In order to provide an LC bill discounting facility to a beneficiary, in this case the exporter, the bank requires a copy of the LC provided to the importer by their bank. Any credit provided to the exporter will be backed by this LC as the bank is assured that the exporter will receive the money from the importer and will thus be able to pay the bank back.

The bill provides the amount that the exporter is expecting as payment for the shipment.

The discounting factor is the amount the bank will deduct as its fees before making the payment to the exporter. These fees are called letter of credit discounting charges and are generally between 6 percent and 15 percent of the total bill value. The charges might vary depending on the credit period, invoice amount, and creditworthiness of the buyer. At the end of the credit period, the bank that issues the LC bill discounting collects the funds from the importer or importer’s bank if they cannot complete the payment.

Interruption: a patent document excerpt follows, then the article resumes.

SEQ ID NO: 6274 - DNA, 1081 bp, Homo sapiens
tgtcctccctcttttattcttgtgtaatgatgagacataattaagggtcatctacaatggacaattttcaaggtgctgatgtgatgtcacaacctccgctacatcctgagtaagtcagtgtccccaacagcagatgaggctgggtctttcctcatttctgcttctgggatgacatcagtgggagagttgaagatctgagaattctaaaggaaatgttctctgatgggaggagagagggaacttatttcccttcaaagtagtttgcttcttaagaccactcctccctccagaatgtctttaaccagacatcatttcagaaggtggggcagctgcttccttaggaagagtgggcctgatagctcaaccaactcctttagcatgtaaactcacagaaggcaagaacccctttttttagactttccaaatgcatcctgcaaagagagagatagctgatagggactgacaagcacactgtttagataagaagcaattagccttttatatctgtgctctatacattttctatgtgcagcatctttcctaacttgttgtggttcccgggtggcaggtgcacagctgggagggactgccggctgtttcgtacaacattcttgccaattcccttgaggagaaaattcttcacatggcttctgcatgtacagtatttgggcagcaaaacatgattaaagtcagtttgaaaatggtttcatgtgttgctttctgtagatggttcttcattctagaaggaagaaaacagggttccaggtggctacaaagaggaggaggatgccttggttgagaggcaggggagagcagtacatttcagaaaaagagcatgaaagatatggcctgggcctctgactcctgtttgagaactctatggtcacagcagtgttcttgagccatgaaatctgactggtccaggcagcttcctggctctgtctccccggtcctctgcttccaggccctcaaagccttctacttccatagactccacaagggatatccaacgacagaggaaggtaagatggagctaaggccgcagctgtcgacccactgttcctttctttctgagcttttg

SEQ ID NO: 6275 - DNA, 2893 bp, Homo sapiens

Also Read : What is Factoring in Finance and How Does It Work ?

Documents Required for LC Backed Bill Discounting

Following are the typical set of documents needed to apply for LC bill discounting:

Why Would a Bank Refuse to Provide LC Backed Bill Discounting Facility?

LC backed bill discounting may not be approved for all exporters as the credit risk shifts from the exporter to the bank.

A bank can refuse to issue an LC backed bill discounting for the following reasons:

  • They find that the documents submitted by the exporter are not genuine.
  • In cases of financial institutions that are not willing to assume transactional risks, the letter of credit or bill of exchange contains the ‘without recourse’ clause which states that the exporter cannot be held accountable if the importer does not reimburse the paying bank i.e. the LC bill discounting issuing bank.